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New iPhone Rumored to be “Low-Cost”

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New iPhone Rumored to be “Low-Cost”

iPhone rumors have Apple building a low cost version — possibly named iPhone 5S or iPhone 6.

(The following is a guest post from our friends over at International Business Times.)

Rumor has it that Apple has three different iPhones in development, but reliable sources note that a new “low-cost” iPhone is indeed set to be released later this year.

Rumors about this cheaper iPhone — possibly called iPhone 5S or iPhone 6 — have been circulating since early January, when a slew of reports from supply chain sources and even major U.S. news sites such as the Wall Street Journal and Bloomberg took notice of a new iPhone in development strategically targeted toward lower-income, emerging markets like China and India.

On Monday, iLounge Editor-in-Chief Jeremy Horwitz followed up on his Friday exposé of next-gen iOS devices with a new report detailing what he calls the "budget iPhone 5," which will allegedly look like the iPhone 5 but feature several new design elements and tweaks.

“Yes, it will be made substantially from plastic,” Horwitz wrote, echoing an earlier report from DigiTimes that said the iPhone 5S or 6 would feature a hybrid chassis made of both plastic and metal. “No, it won’t just be a Retina- and Lightning-equipped refresh of the iPhone 3G or 3GS, Apple’s last plastic iPhones, nor will it look just like an all-plastic version of the iPhone 5. This new model is actually a cross between the iPhone 5, fifth-generation iPod touch and — wait for it — the iPod classic. Yes, really. It will have a 4” screen, like the iPhone 5, a bottom like the latest iPod touch and a shape that’s most similar to the iPod classic.”

The original DigiTimes report said the new iPhone’s internal parts could “be seen from the outside through a special design; if this turned out to be true, the finished design for the iPhone 6 might look like an iPhone 5 mixed with the plastic enclosure of the iPhone 3GS from 2009 mixed with the final design for the Bondi blue iMac in 1998, which was characterized by its brightly colored, translucent plastic casing, letting users see the inside of their desktop computer for the first time.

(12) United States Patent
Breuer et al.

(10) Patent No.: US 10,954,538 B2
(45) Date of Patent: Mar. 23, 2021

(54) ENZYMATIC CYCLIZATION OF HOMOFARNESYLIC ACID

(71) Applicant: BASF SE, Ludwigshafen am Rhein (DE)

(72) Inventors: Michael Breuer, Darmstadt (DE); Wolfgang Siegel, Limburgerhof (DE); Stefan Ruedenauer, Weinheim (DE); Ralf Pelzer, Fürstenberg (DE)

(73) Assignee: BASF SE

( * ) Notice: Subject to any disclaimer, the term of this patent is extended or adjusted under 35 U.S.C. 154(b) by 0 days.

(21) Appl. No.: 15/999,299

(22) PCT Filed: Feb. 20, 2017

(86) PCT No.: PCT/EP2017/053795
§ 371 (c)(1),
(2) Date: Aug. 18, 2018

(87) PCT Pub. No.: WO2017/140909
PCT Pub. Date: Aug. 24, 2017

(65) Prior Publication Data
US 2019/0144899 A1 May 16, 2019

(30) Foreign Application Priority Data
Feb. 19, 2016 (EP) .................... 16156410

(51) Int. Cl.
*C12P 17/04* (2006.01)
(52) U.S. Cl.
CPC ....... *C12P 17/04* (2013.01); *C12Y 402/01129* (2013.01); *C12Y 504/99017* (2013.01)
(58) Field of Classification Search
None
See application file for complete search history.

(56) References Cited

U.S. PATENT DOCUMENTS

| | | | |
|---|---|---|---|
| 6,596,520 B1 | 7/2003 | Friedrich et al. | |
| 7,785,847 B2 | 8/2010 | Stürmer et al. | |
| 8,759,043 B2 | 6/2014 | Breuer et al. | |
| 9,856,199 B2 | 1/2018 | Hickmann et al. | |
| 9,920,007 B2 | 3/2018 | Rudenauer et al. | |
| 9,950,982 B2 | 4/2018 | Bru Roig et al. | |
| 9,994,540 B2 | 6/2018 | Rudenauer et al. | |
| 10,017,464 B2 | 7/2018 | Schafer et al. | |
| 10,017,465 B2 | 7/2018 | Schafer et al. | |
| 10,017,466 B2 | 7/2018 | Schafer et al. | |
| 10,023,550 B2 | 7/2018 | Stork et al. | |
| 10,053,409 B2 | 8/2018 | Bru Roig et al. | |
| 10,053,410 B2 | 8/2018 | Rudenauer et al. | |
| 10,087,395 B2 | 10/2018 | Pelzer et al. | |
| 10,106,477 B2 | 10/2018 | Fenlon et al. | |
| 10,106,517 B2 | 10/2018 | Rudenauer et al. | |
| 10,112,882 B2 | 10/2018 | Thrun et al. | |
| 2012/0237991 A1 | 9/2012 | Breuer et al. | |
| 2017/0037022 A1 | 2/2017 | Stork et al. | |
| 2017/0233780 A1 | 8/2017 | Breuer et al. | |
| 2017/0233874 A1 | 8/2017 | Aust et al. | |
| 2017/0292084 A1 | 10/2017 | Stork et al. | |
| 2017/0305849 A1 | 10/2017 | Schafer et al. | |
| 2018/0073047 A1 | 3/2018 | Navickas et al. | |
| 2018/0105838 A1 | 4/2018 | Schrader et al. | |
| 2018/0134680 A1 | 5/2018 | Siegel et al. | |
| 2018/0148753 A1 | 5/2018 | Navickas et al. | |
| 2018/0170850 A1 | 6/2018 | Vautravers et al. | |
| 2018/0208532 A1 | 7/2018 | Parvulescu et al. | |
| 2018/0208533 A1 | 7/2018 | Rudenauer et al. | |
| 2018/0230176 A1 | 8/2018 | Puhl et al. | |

The new low-cost iPhone 5S or 6 is said to feature nearly identical specs to the iPhone 5 but “a half-millimeter taller and a half-millimeter wider,” according to Horwitz, as well as a full millimeter thicker. But iLounge noted that the biggest design change in this cheaper iPhone will be the curves.

“Apple’s budget housing looks closest to the iPod classic in shape, though not in materials,” Horwitz said. “Unlike the plastic iPhone 3G/3GS, which featured soft curves on all sides, the budget iPhone’s curves start and end at flat surfaces, so each side and the back are flat. This seems like a trivial change, until you realize that it allows Apple to use flat rather than curve-matched parts: the right side has a flat, centered SIM card tray just like the iPhone 5’s, while all of the buttons and ports are on flat rather than curved surfaces. A flat-backed iPhone won’t rock on a flat surface when it vibrates, either.”

In addition to the new form factor, Horwitz believes the iPhone 5S or 6 will have very similar features to the iPod Touch, including identical proportions and locations for the camera, microphone and rear flash. The headphone jack, Lightning dock, bottom microphone and speaker are in the same location as the iPhone 5, but the new phone is said to have an extra microphone on the bottom, as well as four individual holes for the speaker grill, rather than the 26 speaker holes at the bottom of the iPhone 5.

“In summary, the budget iPhone will look a lot like an iPhone 5 from the front, an iPod classic from the side and an iPod touch 5G on the bottom — only made from plastic rather than glass or metal,” Horwitz concluded. “It won’t make any bold departures from past Apple designs, but then, it’s supposed to be an inexpensive iPhone and achieves that goal pretty much as expected.”

Dave Smith is a reporter for International Business Times, where this article first appeared.